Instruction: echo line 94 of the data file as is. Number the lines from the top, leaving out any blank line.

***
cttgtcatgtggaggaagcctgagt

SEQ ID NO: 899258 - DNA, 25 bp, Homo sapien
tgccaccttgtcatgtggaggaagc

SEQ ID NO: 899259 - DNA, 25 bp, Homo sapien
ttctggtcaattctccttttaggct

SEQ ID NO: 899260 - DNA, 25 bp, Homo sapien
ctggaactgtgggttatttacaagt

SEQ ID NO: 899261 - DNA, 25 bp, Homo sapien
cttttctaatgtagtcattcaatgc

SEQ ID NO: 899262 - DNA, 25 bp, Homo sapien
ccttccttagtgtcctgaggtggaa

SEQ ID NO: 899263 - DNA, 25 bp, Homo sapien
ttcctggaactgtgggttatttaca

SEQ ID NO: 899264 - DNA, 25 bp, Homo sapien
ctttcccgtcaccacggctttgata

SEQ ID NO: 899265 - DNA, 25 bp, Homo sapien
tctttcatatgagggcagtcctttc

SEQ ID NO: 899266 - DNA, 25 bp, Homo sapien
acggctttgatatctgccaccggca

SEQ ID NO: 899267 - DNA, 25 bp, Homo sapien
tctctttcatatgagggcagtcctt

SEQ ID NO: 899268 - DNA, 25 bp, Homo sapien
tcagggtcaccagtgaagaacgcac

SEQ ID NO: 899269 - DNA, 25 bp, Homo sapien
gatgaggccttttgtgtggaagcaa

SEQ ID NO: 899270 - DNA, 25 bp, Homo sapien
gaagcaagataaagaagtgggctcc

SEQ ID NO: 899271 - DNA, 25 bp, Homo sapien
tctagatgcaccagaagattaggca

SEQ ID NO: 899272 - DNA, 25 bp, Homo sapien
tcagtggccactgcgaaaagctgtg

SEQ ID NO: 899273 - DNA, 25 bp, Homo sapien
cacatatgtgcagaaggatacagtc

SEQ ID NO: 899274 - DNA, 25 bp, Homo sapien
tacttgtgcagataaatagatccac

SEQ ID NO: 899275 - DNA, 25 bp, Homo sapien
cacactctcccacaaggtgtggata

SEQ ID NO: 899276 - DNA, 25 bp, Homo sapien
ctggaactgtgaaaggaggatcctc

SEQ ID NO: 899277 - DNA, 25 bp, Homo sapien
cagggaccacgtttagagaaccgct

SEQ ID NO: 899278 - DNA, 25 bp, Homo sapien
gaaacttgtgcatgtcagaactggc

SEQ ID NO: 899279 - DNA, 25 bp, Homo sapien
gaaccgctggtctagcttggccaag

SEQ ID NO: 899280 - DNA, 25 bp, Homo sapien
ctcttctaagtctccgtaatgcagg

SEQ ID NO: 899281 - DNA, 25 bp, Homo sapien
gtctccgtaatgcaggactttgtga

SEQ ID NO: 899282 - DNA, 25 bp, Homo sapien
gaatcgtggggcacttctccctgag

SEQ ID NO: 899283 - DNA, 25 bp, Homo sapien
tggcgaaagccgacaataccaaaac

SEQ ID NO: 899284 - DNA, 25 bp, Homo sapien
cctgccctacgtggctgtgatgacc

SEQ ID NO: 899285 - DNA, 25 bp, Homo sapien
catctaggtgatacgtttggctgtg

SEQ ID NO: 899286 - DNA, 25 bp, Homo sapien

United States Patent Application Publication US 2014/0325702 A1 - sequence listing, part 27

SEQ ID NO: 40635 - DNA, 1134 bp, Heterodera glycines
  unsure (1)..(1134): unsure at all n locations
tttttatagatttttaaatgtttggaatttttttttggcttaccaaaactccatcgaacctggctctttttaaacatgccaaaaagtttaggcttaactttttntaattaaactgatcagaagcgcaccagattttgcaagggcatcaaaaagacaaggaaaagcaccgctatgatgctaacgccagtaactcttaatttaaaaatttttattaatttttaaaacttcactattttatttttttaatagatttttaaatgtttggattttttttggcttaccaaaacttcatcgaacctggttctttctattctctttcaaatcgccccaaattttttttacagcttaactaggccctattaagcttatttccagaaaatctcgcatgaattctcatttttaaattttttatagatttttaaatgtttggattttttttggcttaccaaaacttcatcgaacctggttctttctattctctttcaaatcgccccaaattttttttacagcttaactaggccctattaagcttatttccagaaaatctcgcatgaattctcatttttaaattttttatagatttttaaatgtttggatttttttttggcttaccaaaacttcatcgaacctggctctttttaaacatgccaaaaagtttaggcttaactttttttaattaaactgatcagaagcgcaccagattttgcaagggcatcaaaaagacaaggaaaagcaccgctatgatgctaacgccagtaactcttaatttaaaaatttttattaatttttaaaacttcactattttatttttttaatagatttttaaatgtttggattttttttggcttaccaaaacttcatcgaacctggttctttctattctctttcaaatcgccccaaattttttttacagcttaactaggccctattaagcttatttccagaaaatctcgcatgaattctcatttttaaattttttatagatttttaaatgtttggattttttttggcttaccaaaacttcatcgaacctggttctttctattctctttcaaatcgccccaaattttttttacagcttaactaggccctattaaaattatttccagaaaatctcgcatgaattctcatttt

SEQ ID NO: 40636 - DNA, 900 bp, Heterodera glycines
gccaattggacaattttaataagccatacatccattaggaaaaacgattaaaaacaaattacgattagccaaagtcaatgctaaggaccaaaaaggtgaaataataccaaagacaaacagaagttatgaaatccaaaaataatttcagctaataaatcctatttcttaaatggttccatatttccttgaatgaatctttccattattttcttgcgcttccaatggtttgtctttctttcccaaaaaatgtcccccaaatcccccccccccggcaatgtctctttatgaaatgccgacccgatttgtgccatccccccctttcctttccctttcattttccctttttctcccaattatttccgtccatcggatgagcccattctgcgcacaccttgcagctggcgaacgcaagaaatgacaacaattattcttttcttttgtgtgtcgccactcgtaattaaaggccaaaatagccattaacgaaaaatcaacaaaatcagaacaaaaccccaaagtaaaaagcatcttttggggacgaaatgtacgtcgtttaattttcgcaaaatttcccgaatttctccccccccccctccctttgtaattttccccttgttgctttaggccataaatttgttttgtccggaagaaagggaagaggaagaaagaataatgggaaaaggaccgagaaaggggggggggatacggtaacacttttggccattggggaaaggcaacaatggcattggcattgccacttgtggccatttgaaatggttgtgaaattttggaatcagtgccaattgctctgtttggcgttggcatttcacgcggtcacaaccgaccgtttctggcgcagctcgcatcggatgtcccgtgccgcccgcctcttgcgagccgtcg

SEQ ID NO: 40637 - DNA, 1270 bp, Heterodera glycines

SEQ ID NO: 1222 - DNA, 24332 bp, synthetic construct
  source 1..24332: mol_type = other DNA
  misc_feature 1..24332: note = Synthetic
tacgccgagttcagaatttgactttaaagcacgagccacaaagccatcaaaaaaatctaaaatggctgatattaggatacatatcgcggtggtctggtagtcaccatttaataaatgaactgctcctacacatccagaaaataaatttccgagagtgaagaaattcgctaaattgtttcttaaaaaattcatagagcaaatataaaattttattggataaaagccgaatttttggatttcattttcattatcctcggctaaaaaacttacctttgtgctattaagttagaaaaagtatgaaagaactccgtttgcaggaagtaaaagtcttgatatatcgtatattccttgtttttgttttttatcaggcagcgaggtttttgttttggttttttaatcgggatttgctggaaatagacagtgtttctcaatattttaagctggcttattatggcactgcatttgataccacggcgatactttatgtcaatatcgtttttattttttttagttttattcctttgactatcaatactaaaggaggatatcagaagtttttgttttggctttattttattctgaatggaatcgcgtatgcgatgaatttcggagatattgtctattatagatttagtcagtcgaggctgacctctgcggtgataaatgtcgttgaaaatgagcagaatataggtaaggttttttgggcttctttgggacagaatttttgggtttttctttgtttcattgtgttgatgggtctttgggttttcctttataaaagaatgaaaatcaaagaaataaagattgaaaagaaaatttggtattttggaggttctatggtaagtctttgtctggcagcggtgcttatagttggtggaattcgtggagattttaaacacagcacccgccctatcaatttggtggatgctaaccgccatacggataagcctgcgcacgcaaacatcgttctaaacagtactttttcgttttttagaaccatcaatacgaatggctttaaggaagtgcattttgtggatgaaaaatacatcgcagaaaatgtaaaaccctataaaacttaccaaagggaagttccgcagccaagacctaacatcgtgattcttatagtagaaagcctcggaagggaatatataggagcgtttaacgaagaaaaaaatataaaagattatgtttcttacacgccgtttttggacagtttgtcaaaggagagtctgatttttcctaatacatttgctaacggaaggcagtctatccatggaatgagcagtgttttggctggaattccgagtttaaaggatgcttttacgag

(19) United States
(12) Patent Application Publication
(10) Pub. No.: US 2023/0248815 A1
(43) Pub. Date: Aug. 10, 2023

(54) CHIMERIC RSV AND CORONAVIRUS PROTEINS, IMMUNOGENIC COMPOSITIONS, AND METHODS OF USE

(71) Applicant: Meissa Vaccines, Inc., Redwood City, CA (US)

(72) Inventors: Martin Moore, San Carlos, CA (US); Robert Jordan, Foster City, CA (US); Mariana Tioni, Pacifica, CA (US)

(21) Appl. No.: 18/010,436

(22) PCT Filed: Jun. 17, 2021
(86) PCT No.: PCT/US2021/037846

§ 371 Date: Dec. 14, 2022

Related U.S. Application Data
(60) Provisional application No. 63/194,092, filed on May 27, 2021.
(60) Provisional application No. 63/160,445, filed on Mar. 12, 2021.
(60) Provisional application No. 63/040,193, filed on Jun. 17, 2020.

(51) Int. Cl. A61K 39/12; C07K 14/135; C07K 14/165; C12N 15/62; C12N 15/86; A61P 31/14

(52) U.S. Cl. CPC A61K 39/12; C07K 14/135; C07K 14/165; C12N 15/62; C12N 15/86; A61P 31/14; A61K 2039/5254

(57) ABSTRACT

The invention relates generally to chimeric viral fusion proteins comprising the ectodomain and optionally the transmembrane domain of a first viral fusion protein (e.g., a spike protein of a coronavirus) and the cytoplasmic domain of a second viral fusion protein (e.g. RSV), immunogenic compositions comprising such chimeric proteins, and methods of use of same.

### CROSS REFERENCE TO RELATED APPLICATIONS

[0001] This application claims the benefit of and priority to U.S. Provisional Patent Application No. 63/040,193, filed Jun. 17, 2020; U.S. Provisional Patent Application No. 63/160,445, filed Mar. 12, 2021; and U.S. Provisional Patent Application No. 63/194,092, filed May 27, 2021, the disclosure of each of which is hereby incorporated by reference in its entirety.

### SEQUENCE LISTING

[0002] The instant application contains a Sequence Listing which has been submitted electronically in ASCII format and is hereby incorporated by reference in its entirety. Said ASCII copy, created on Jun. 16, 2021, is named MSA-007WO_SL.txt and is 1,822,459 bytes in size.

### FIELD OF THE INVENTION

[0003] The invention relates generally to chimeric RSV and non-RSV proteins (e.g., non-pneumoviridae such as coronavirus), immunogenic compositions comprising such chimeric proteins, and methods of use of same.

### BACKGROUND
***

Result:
[0003] The invention relates generally to chimeric RSV and non-RSV proteins (e.g., non-pneumoviridae such as coronavirus), immunogenic compositions comprising such chimeric proteins, and methods of use of same.